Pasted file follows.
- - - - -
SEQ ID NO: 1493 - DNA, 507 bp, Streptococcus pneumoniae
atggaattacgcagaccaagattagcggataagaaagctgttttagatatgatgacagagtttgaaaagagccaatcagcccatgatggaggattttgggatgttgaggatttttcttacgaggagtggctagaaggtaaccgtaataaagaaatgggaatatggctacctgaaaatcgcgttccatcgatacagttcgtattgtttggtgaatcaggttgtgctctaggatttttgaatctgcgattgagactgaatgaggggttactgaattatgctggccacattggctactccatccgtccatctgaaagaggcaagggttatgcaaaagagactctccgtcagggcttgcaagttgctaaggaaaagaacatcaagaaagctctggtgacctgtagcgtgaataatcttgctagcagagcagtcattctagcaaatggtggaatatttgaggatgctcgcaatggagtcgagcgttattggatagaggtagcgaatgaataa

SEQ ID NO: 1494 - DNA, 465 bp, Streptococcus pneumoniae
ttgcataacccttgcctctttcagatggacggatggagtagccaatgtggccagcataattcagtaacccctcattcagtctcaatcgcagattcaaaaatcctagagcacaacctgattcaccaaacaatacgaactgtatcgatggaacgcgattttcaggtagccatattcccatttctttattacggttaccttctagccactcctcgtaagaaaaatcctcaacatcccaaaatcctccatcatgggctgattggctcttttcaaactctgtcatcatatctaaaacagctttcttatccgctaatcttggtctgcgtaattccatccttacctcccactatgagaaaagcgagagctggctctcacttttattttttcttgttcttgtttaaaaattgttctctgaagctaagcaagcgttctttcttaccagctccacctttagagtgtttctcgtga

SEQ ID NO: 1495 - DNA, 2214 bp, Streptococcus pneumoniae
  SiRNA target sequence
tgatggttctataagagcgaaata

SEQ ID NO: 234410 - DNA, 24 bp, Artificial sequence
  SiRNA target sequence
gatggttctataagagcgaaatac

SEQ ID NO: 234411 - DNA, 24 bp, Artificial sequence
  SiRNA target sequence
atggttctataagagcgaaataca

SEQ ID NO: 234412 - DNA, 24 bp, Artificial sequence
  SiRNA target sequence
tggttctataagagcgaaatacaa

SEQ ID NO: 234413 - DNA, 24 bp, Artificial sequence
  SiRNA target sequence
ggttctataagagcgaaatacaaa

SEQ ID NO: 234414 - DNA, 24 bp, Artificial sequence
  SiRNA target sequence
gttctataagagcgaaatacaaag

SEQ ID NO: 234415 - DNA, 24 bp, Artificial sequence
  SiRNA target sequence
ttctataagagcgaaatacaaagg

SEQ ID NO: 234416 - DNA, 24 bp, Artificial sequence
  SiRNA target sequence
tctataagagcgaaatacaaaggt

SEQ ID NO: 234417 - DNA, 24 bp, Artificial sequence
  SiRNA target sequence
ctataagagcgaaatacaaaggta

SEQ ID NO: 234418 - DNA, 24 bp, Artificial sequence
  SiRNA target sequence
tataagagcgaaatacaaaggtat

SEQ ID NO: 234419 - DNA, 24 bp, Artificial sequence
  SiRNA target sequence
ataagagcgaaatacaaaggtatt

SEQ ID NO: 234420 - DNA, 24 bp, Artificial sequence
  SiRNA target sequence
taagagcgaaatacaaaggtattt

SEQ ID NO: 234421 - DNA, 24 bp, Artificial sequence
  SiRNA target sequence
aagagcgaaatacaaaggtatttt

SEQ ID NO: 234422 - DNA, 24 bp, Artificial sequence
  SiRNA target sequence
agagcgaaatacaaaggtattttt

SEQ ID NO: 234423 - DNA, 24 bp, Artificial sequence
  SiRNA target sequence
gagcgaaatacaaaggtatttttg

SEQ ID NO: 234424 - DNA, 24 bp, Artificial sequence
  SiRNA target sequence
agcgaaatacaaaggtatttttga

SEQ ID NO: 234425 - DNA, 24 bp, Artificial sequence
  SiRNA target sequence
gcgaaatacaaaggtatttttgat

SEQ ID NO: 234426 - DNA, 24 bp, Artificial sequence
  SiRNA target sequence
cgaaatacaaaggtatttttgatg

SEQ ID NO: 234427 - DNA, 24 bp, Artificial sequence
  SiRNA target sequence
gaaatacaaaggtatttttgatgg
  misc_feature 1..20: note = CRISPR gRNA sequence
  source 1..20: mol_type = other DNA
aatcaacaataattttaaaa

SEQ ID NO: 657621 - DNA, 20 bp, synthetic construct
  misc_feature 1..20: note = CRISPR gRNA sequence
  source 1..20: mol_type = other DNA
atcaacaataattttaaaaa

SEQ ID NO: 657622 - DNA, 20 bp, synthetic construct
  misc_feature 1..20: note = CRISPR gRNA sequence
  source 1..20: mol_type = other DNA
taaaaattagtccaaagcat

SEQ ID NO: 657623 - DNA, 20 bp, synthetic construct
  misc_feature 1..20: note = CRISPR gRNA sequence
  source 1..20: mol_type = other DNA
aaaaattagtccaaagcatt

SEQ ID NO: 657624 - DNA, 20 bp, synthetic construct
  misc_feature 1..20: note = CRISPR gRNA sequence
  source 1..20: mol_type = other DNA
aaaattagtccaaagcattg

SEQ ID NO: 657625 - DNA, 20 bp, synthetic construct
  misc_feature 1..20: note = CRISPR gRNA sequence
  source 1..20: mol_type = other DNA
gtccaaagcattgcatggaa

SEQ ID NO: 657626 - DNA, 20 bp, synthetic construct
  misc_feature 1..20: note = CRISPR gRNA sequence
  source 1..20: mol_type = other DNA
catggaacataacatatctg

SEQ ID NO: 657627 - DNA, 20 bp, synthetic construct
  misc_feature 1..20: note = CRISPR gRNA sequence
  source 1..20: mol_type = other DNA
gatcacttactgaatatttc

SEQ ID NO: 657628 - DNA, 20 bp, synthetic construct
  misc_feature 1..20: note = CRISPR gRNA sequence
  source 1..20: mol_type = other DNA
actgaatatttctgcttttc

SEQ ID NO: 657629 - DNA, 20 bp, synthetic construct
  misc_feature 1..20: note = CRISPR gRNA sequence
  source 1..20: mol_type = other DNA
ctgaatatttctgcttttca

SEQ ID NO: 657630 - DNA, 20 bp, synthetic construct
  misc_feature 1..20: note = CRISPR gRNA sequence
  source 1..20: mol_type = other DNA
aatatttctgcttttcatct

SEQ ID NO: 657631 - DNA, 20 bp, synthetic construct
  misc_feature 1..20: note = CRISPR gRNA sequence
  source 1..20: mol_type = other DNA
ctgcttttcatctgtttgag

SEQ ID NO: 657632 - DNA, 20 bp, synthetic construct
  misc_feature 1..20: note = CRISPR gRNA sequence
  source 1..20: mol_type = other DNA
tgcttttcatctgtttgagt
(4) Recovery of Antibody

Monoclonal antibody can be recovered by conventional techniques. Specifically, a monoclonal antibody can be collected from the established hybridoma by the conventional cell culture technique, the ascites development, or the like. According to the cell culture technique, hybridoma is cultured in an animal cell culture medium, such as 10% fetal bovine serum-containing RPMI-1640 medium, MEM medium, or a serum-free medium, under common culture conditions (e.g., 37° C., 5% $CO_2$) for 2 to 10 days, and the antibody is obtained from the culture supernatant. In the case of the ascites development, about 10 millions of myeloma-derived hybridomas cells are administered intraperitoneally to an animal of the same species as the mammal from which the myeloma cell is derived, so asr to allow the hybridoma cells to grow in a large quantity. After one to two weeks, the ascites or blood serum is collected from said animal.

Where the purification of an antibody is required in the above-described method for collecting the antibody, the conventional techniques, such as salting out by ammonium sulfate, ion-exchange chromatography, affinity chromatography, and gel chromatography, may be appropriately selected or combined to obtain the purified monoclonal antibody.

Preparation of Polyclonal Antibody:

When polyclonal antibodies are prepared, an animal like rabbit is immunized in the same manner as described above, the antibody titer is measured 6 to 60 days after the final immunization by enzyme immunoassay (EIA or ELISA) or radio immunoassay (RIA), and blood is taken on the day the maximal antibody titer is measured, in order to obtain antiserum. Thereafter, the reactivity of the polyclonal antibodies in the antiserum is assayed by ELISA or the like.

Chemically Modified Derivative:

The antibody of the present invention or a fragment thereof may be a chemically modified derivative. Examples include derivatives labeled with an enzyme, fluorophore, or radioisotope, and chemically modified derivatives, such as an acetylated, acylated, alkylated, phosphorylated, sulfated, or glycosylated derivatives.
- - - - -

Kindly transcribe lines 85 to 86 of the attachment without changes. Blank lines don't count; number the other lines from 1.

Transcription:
SEQ ID NO: 657626 - DNA, 20 bp, synthetic construct
  misc_feature 1..20: note = CRISPR gRNA sequence